Is the QCTO adequately fulfilling its obligation to inform the public?

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This topic contains 0 replies, has 1 voice, and was last updated by  sylvia hammond 5 years ago.

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    sylvia hammond

    “Let’s rather work together to make the legislative and regulatory environment that we have better understood and more user friendly, for the ultimate benefit of all concerned.”  This is a sentence taken from John Scarrott of the NEI Committee of APPETD in a discussion of whether there should be an apex quality assurance body.

    Click here for Hannes’ discussion

    But John’s comment raises a new discussion about the role of the QCTO – and who is responsible for disseminating information and aiding stakeholder understanding.

    John is absolutely right, if everyone understands what the policies and procedures are – and why they are structured in that way (that is: what is trying to be achieved) then there is more chance that everyone will work towards achieving those ends.

    Certainly, as the QCTO is an administrative body funded by taxpayers money (as well as income from services and other sources) we have every right to know what is going on.  But how much formal communication is there from the QCTO? The SAQA website hosts a QCTO section.  There are 4 reference documents dated June 2011. Another document was relevant until March 2012. The website link from SAQA does not work.  The site provides early “frequently answered questions”. I have seen one newsletter on a QCTO letterhead – that was forwarded to me, and Googling “QCTO” provides a presentation done to the portfolio committee – courtesy of PoultrySA.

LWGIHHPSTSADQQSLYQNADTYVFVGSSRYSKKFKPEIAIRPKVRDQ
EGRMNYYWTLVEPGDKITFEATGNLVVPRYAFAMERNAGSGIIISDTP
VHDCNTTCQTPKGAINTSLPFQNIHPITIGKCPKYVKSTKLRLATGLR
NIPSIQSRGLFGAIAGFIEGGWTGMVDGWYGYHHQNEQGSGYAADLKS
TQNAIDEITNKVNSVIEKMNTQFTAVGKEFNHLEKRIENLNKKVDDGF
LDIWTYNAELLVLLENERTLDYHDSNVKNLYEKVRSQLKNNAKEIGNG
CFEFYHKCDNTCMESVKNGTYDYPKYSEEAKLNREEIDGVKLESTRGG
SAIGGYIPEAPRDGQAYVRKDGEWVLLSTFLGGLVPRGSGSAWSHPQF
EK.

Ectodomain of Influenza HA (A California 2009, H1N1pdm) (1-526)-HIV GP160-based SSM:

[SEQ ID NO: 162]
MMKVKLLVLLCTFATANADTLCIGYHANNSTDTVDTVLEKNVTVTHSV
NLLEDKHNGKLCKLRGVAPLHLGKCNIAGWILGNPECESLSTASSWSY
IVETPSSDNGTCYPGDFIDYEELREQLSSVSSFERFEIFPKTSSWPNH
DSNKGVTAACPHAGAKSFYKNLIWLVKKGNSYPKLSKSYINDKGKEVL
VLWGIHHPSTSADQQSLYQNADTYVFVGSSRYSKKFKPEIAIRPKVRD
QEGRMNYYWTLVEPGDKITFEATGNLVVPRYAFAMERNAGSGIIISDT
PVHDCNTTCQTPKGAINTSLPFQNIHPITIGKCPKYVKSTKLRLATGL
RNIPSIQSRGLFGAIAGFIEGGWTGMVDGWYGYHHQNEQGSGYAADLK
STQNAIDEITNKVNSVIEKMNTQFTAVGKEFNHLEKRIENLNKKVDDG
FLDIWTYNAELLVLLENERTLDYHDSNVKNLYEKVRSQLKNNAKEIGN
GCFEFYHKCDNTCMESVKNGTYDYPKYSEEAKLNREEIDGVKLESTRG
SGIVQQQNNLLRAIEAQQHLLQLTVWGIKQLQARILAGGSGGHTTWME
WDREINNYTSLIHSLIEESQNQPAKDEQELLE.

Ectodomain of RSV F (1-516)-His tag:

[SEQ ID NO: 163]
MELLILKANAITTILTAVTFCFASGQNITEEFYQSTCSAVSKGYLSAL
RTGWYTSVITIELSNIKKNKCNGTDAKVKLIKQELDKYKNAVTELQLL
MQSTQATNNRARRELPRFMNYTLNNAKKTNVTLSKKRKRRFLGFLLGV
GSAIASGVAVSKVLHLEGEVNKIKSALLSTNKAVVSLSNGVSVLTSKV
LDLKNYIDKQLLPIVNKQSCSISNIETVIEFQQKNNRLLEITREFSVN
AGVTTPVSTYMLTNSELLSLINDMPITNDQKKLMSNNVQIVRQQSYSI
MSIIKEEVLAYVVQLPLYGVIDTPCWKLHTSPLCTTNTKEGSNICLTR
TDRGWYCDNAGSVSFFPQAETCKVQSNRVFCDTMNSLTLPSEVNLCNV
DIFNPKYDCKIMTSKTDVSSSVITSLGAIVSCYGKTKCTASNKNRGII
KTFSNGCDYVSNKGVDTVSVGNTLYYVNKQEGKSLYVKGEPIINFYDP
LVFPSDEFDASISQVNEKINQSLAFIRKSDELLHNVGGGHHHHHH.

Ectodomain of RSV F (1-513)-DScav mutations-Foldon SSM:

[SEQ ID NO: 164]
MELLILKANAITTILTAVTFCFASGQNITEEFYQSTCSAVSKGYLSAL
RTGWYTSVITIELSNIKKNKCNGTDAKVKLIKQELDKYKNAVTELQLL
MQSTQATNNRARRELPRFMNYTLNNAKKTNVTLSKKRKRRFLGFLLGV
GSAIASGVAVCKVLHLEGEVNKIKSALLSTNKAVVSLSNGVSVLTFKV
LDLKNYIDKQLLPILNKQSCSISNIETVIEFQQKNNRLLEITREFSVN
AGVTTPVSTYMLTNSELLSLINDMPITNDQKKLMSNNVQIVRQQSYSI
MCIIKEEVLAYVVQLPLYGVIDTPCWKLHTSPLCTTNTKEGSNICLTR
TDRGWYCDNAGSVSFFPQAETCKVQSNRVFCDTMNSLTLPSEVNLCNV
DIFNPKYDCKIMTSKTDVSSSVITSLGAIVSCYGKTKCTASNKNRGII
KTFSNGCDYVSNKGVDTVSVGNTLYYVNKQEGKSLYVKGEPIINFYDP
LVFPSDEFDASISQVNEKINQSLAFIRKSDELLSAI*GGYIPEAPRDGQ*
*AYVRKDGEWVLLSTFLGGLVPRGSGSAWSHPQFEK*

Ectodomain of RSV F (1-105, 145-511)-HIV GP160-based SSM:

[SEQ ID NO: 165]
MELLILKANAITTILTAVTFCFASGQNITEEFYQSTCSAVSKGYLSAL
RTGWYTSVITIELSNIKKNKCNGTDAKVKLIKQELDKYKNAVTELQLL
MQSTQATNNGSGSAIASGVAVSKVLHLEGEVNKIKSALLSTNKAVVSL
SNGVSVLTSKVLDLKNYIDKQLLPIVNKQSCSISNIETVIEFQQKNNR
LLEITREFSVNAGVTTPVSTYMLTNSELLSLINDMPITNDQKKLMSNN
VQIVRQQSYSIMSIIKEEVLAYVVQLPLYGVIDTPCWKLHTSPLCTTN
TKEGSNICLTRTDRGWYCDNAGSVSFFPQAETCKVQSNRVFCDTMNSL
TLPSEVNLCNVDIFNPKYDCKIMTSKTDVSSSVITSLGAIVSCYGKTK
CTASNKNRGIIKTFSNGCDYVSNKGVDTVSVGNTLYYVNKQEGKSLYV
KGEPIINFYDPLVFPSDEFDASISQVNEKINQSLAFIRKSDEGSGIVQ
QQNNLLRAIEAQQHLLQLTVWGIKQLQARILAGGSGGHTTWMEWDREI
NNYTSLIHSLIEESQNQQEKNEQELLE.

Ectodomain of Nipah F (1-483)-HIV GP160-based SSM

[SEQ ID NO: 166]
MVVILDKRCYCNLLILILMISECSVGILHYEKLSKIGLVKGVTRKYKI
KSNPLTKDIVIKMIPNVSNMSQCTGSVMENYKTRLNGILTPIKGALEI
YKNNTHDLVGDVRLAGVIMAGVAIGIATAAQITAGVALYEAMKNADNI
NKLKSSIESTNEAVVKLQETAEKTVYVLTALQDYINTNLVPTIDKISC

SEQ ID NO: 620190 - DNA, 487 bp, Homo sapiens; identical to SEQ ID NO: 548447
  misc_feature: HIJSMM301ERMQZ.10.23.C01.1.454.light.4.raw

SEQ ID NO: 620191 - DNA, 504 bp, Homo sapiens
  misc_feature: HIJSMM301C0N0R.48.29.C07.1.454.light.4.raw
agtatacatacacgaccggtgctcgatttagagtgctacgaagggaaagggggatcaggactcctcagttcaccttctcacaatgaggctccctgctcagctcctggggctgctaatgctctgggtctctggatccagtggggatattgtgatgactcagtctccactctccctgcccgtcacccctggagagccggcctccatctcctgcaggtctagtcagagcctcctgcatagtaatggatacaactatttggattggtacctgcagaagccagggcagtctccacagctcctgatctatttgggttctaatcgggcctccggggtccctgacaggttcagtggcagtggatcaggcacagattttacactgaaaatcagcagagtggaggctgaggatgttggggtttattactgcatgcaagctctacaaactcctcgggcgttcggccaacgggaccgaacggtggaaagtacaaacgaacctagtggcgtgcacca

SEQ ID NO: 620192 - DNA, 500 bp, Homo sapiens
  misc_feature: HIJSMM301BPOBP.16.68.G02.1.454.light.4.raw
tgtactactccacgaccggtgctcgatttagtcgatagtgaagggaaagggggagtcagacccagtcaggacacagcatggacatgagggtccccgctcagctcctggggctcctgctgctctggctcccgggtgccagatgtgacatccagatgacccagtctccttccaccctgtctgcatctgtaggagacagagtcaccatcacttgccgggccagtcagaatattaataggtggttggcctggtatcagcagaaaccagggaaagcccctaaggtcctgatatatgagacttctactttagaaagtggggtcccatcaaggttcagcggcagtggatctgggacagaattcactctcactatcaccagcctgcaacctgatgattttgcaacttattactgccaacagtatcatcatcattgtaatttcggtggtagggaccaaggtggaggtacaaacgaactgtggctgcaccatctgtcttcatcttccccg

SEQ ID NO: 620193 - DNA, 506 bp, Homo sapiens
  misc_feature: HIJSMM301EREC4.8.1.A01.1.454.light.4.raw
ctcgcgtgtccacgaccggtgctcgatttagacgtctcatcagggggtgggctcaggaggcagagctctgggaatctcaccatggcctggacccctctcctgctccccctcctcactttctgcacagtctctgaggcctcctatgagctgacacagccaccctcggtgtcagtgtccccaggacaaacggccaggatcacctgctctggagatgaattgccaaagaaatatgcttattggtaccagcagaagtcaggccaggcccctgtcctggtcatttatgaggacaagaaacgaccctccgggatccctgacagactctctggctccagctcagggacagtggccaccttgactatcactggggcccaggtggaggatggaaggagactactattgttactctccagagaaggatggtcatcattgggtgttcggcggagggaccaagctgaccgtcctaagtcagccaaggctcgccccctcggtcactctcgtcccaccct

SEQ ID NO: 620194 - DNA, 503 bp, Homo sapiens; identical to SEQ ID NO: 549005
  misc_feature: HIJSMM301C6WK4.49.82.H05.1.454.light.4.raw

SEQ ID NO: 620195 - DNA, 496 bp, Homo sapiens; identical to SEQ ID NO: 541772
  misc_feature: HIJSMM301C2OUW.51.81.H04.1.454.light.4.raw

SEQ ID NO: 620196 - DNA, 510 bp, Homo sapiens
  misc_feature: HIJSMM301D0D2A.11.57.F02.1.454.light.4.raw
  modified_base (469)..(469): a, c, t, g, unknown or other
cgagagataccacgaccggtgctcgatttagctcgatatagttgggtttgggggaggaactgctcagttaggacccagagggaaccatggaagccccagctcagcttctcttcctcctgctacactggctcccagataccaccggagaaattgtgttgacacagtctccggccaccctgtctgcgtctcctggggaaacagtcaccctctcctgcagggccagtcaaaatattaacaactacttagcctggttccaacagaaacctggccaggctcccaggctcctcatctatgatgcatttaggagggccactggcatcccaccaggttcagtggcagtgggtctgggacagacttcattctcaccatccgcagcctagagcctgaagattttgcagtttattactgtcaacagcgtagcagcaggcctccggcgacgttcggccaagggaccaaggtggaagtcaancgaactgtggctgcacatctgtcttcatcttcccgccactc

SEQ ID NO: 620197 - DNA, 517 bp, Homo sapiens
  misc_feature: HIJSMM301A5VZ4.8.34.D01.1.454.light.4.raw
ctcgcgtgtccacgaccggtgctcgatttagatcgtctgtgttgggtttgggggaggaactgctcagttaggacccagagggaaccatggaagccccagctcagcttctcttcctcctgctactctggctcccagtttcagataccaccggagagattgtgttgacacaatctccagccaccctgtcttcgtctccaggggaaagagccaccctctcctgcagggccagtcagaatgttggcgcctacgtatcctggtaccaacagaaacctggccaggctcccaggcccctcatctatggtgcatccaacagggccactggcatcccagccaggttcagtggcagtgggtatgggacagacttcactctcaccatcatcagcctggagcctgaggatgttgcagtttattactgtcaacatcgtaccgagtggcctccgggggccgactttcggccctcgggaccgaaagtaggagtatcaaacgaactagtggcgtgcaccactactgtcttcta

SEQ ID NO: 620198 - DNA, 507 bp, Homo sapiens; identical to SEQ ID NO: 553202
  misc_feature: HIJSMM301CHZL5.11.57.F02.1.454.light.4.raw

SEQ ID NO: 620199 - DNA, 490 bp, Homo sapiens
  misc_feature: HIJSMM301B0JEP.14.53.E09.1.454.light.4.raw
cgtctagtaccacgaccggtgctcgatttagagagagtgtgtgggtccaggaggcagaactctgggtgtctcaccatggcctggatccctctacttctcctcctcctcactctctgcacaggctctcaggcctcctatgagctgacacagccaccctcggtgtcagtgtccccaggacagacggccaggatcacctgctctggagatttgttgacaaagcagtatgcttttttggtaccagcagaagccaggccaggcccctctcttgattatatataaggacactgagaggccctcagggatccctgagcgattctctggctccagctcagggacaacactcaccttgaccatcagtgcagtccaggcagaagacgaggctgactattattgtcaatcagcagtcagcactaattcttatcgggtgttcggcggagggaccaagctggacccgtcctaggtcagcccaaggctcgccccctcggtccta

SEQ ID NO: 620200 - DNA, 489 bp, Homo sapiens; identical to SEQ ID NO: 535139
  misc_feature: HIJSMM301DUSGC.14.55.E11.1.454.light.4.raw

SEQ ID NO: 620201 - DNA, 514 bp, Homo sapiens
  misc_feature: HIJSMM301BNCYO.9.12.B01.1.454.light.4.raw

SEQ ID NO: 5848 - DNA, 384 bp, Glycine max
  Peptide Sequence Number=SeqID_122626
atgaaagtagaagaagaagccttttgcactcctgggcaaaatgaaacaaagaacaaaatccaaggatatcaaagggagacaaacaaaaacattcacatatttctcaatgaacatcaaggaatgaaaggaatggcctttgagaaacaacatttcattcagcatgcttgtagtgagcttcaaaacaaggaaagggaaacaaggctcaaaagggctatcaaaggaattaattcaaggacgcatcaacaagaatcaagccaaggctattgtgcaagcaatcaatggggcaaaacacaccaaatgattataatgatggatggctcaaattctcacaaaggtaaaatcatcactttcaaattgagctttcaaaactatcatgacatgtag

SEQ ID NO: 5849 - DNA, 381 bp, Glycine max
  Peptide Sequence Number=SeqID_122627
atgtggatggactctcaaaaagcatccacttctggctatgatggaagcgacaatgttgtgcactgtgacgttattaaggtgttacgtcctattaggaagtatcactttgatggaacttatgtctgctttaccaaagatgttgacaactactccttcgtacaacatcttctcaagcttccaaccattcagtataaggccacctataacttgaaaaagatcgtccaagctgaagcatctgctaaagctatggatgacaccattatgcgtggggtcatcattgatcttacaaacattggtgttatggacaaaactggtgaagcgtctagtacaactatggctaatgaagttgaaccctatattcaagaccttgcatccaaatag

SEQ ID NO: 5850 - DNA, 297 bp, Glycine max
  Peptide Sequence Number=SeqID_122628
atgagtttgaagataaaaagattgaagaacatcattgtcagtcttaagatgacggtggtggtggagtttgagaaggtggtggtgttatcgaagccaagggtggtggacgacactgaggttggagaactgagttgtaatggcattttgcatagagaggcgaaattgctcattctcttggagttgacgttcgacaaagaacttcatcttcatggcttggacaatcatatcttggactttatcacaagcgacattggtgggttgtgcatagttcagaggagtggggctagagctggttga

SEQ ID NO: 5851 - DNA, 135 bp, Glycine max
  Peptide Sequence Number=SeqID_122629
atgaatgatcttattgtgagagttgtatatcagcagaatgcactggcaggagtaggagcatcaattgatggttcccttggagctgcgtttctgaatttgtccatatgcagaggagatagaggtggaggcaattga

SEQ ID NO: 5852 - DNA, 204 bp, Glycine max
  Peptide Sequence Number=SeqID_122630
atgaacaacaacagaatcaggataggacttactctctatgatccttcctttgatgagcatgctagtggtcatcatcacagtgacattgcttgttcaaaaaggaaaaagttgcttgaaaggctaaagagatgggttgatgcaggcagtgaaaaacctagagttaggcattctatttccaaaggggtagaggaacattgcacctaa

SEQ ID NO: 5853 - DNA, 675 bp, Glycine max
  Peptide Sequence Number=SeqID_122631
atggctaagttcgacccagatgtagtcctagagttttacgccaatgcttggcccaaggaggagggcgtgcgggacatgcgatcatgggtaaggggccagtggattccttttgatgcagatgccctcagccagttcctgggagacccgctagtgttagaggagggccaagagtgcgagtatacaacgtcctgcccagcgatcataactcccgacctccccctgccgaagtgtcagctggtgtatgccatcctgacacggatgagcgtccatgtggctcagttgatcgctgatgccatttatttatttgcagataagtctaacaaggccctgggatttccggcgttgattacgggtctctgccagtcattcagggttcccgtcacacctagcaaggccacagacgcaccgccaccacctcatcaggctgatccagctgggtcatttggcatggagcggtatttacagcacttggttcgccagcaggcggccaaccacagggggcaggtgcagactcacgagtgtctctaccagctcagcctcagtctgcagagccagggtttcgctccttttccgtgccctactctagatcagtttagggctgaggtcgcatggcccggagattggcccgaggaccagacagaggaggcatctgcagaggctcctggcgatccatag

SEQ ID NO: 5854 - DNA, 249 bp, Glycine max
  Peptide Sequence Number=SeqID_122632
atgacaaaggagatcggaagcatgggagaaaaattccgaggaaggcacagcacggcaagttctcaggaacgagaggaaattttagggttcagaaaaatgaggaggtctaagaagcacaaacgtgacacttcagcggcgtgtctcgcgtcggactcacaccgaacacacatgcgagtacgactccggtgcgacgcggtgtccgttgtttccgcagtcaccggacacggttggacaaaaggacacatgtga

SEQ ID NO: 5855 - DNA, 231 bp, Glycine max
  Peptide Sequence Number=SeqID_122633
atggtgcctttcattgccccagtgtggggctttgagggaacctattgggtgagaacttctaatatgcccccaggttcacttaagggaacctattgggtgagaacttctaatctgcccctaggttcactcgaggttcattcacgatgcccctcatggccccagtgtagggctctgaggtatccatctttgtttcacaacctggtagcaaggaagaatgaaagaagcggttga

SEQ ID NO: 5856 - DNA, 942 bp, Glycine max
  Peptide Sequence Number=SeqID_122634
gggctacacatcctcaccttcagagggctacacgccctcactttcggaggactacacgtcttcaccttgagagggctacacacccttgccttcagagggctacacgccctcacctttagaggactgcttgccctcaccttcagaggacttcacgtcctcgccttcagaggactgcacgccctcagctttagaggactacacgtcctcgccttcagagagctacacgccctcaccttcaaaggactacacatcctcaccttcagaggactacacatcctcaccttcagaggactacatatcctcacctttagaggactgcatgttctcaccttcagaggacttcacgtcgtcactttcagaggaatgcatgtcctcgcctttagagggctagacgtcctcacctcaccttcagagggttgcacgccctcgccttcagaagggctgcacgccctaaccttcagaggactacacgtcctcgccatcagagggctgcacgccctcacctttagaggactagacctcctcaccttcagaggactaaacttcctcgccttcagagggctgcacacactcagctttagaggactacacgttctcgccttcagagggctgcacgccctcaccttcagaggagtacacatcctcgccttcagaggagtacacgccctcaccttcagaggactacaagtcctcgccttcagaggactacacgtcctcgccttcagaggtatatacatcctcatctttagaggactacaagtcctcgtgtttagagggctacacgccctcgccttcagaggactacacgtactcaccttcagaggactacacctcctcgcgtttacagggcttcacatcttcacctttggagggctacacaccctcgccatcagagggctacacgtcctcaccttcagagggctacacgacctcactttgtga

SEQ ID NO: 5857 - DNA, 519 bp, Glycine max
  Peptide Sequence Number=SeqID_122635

Further information gained is very often patchy and in answer to specific questions, so not comprehensive – and not in context.  Those who attend meetings apparently receive information, but it goes no further. Are individuals responsible for dissemination?  Surely formal statements are preferable.

    In terms of the NQF Act (67 of 2008), which established the present quality councils, the quality councils are required to:

    “27 (k)(i) conduct or commission and publish research on issues of importance to the development and implementation of the sub-framework;

    (ii) inform the public about the sub-framework,”

    Noteworthy that this refers to the “public” – not just stakeholders.

    An example of best practice and how it should be done is the HRD Council chaired by Deputy President Kgalema Motlanthe – after each meeting there is a formal statement of issues discussed and what has been decided – and a media briefing. 

    Am I missing something?  Is there another regular source of information about the QCTO?  Or is it that nothing concrete is actually being achieved?

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One thought on “Is the QCTO adequately fulfilling its obligation to inform the public?

  • sylvia hammond

    Hi Des and Zerelde, Maybe we should explore this idea further – who to submit what and to whom.  (I have suggested before that we collect information to submit, but had no response.)  My suggestion is that the professional bodies or associations (SABPP,TAPPP,APPETD) should be the submitting body.  I’m sure that if we ask our members – or even look through our past discussions – we can provide ample evidence. (If wished, we could exclude member names.) I would suggest that instead of the CEOs, maybe it should be submitted to the new Seta chairpersons, who I understand have been appointed specifically to ensure that Seta performance improves. I welcome suggestions from other members. 

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